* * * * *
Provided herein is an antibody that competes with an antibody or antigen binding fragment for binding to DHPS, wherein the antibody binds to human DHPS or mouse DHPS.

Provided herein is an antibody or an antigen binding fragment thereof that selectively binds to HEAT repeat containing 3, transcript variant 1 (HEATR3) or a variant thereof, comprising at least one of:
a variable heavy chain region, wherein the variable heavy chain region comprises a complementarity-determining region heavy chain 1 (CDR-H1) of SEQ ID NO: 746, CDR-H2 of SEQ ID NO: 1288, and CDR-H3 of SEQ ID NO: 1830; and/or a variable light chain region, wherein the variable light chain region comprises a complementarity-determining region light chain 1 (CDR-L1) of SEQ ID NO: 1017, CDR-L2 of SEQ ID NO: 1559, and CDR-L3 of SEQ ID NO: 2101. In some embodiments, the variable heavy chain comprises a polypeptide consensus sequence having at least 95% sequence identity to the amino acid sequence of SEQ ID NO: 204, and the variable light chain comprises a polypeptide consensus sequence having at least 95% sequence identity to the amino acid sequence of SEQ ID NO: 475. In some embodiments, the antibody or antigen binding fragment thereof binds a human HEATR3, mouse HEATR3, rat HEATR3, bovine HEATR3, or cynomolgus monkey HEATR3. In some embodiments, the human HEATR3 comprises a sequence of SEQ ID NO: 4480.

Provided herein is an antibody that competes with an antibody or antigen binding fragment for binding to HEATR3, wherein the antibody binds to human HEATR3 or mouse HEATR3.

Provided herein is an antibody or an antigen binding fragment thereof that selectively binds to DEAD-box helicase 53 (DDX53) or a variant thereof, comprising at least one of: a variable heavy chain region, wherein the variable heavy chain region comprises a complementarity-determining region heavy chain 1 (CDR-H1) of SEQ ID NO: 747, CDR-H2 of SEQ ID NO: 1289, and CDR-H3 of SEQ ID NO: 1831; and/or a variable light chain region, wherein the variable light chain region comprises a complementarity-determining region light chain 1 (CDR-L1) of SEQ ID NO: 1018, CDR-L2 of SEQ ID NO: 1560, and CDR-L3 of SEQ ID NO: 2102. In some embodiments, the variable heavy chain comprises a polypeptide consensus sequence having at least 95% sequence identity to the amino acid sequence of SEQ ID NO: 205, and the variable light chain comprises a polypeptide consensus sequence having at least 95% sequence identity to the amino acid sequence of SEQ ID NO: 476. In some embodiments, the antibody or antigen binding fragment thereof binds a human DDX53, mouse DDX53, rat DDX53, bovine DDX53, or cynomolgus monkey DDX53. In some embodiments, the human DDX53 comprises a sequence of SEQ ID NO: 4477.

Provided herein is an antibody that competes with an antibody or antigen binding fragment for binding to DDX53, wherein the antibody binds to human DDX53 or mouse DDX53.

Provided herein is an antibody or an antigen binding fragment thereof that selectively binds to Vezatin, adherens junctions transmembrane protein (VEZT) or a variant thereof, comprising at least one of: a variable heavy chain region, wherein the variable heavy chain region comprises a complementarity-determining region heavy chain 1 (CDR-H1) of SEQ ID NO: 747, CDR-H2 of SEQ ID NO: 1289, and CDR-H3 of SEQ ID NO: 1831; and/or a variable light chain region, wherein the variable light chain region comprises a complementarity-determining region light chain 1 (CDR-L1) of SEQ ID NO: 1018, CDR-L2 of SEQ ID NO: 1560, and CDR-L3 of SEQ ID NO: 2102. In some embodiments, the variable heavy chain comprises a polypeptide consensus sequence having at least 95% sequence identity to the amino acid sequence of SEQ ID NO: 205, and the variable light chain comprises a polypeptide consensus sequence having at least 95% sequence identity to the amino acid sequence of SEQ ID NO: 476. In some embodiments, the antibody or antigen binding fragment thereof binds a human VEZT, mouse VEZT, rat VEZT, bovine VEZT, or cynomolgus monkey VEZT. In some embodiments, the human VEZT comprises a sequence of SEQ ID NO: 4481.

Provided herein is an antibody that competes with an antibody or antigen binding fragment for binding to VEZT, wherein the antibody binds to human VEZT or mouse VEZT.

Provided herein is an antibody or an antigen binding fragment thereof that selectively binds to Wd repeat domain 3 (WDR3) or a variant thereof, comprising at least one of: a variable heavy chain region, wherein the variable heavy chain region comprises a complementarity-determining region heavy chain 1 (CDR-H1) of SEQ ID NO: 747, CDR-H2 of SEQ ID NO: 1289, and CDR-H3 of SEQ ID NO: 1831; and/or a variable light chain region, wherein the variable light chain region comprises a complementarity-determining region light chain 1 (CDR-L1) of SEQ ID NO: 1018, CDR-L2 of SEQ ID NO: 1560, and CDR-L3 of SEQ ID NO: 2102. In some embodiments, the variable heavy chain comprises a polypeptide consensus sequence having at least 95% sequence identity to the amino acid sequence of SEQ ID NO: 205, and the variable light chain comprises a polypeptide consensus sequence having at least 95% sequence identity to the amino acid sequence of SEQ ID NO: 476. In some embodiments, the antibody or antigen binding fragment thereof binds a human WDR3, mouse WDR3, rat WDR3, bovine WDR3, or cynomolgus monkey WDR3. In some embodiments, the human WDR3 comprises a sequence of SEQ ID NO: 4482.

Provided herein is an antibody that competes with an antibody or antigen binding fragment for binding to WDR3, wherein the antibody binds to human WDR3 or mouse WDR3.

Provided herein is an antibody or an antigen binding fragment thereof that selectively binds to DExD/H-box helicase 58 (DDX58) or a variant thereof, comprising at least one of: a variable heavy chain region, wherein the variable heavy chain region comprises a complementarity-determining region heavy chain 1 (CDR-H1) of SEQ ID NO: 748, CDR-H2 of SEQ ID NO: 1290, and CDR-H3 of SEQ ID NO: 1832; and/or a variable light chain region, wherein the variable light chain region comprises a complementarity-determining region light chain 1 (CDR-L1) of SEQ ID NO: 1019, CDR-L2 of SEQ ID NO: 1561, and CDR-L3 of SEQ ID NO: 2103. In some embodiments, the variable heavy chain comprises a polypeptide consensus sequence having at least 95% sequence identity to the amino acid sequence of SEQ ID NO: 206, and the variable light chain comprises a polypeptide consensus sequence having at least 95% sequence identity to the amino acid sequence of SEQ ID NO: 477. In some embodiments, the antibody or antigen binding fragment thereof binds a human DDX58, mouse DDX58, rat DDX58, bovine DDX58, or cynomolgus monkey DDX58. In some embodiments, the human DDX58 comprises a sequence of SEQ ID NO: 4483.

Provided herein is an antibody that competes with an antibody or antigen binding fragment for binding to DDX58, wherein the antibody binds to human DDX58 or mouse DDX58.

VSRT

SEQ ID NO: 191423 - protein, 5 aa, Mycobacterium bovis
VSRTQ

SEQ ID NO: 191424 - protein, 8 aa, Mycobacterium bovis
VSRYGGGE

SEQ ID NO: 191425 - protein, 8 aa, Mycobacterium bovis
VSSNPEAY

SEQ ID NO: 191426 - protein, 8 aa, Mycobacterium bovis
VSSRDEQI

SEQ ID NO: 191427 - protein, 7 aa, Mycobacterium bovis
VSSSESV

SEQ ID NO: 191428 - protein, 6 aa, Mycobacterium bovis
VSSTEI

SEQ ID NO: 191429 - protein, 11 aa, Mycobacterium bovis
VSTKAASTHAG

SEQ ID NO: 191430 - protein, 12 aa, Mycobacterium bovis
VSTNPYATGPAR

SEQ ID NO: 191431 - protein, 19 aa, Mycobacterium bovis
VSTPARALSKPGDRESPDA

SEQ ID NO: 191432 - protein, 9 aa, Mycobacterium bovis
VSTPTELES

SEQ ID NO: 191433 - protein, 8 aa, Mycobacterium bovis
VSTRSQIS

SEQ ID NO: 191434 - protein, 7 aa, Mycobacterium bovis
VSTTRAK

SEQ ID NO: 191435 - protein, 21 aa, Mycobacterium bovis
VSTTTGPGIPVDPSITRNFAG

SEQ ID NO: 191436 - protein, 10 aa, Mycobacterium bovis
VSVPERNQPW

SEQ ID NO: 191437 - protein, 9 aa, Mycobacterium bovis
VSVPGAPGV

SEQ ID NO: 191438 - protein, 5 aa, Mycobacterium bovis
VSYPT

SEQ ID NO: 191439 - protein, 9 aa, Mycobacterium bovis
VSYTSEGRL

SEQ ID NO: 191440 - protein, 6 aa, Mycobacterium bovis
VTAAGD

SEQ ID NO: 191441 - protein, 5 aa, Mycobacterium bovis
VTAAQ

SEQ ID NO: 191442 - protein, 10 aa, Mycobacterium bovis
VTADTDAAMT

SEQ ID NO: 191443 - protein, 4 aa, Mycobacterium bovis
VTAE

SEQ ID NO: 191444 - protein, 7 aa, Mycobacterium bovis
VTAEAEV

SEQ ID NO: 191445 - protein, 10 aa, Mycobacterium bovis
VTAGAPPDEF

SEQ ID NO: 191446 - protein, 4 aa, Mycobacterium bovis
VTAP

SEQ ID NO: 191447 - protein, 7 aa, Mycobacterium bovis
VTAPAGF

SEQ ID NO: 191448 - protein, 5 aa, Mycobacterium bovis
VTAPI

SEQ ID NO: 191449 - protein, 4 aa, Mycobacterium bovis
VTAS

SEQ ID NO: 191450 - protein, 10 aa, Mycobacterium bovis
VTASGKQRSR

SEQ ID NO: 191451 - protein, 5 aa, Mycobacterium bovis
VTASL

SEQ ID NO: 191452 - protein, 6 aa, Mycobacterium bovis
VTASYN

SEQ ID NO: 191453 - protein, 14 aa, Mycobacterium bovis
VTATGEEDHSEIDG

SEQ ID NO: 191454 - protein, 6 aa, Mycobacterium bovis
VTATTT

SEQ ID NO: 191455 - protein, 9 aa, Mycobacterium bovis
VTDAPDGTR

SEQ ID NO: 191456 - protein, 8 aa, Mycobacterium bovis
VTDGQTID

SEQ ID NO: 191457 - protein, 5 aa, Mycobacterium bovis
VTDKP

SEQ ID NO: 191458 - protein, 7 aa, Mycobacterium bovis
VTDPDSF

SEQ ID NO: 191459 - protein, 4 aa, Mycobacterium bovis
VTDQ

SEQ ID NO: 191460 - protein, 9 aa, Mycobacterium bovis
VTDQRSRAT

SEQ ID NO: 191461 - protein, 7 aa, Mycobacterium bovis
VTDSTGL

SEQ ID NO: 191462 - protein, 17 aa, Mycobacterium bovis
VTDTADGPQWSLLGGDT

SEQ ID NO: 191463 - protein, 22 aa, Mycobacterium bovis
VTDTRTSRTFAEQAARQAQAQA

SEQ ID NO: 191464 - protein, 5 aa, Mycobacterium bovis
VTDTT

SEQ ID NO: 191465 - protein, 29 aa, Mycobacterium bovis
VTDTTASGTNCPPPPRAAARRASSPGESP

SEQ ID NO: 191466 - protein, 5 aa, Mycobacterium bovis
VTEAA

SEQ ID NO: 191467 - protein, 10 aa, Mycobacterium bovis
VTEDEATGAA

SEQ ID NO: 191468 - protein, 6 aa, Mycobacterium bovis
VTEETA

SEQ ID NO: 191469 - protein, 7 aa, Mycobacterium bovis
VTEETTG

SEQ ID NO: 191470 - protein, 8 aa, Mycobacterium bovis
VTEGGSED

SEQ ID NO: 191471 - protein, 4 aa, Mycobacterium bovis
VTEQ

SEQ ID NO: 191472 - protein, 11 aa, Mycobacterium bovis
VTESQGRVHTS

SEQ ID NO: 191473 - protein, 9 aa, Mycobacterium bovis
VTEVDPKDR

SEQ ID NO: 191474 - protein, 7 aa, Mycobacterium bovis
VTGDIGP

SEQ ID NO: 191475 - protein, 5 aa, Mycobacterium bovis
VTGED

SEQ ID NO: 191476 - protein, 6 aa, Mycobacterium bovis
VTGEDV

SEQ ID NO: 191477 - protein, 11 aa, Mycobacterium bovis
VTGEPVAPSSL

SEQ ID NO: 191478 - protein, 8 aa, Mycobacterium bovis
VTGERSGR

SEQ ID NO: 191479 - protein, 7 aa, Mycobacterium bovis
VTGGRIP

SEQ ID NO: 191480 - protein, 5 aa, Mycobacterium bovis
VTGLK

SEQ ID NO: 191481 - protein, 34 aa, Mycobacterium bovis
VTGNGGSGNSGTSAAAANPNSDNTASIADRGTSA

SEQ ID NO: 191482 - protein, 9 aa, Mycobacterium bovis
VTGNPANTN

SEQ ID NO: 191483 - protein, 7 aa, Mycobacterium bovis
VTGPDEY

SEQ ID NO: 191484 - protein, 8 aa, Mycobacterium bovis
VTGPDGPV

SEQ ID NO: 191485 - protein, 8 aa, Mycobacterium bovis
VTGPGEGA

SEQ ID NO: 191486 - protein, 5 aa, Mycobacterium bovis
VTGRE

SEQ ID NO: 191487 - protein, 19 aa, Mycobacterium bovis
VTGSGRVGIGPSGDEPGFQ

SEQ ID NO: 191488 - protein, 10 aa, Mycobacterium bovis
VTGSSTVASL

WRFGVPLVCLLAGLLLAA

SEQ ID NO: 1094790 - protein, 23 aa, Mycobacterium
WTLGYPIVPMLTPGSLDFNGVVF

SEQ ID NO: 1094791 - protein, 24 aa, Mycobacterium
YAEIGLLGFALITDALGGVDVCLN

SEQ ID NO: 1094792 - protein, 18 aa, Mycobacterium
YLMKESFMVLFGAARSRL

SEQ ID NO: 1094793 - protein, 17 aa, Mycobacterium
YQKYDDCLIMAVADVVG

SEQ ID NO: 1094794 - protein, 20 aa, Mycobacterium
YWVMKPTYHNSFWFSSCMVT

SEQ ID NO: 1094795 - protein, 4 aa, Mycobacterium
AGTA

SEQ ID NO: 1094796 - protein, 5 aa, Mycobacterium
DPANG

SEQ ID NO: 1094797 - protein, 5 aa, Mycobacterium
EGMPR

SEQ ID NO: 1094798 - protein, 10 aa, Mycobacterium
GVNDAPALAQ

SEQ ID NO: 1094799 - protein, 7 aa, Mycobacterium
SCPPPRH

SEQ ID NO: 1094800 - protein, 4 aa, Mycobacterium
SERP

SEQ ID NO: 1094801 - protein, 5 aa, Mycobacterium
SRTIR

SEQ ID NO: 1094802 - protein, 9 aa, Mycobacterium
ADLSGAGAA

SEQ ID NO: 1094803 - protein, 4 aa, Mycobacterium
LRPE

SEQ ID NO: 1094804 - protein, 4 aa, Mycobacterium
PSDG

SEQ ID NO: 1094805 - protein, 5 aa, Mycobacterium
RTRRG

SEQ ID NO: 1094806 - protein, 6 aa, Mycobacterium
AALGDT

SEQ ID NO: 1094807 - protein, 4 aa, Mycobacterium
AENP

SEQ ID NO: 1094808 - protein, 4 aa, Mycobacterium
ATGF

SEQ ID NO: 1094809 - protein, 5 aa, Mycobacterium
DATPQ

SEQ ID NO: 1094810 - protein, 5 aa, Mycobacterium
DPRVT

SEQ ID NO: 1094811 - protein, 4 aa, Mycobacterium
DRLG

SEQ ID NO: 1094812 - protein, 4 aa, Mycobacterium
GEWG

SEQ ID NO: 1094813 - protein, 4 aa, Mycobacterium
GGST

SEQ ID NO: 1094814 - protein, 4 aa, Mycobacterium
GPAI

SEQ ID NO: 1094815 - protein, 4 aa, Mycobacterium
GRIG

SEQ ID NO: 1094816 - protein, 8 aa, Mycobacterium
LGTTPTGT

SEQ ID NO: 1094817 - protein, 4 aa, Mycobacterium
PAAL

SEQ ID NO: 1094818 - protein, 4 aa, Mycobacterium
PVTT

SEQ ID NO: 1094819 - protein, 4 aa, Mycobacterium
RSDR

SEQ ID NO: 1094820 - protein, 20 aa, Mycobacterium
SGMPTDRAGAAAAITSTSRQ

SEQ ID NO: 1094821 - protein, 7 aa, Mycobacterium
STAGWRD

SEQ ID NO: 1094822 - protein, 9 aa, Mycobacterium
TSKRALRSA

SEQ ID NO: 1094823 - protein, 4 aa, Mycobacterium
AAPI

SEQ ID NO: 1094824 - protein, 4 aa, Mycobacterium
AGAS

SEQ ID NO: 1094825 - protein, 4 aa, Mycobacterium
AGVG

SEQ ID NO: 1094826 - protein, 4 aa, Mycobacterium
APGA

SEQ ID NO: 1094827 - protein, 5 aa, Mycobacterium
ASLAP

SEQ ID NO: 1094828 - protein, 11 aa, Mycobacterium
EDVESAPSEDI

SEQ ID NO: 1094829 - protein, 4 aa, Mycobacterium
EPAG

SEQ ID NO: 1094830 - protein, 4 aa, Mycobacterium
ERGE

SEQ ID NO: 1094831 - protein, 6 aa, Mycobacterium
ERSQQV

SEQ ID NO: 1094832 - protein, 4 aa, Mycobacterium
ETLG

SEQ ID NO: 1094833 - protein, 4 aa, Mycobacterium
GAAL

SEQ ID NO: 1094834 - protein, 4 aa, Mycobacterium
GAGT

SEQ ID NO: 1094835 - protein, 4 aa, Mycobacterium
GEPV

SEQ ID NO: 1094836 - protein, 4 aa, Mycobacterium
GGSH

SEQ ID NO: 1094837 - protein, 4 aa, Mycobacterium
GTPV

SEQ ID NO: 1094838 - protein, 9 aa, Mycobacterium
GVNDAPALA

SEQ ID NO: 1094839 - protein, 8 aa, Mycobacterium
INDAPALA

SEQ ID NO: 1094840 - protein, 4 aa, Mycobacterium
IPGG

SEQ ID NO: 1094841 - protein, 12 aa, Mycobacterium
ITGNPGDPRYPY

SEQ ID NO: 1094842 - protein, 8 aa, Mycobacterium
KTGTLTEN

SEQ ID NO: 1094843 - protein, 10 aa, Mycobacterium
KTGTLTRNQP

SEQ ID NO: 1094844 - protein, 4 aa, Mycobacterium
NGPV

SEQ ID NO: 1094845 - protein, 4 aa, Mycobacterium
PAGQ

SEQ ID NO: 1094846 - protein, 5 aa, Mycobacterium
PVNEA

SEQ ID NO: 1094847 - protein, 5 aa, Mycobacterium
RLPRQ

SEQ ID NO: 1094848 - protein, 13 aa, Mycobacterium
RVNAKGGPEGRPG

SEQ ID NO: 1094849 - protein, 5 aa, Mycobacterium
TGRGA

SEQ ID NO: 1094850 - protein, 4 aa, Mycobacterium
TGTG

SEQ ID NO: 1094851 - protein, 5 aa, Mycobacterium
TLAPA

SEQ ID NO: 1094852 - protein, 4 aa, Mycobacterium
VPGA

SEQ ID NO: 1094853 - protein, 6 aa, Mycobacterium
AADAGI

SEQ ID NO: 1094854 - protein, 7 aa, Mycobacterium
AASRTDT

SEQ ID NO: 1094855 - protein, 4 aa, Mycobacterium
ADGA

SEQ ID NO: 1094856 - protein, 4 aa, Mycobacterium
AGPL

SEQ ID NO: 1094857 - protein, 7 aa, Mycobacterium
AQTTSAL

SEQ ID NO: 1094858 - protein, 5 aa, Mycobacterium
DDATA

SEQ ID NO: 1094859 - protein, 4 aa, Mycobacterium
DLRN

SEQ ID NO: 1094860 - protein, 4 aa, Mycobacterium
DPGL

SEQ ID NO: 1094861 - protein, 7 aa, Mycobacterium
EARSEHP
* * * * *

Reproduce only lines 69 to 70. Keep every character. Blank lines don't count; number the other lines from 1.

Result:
VTASGKQRSR

SEQ ID NO: 191451 - protein, 5 aa, Mycobacterium bovis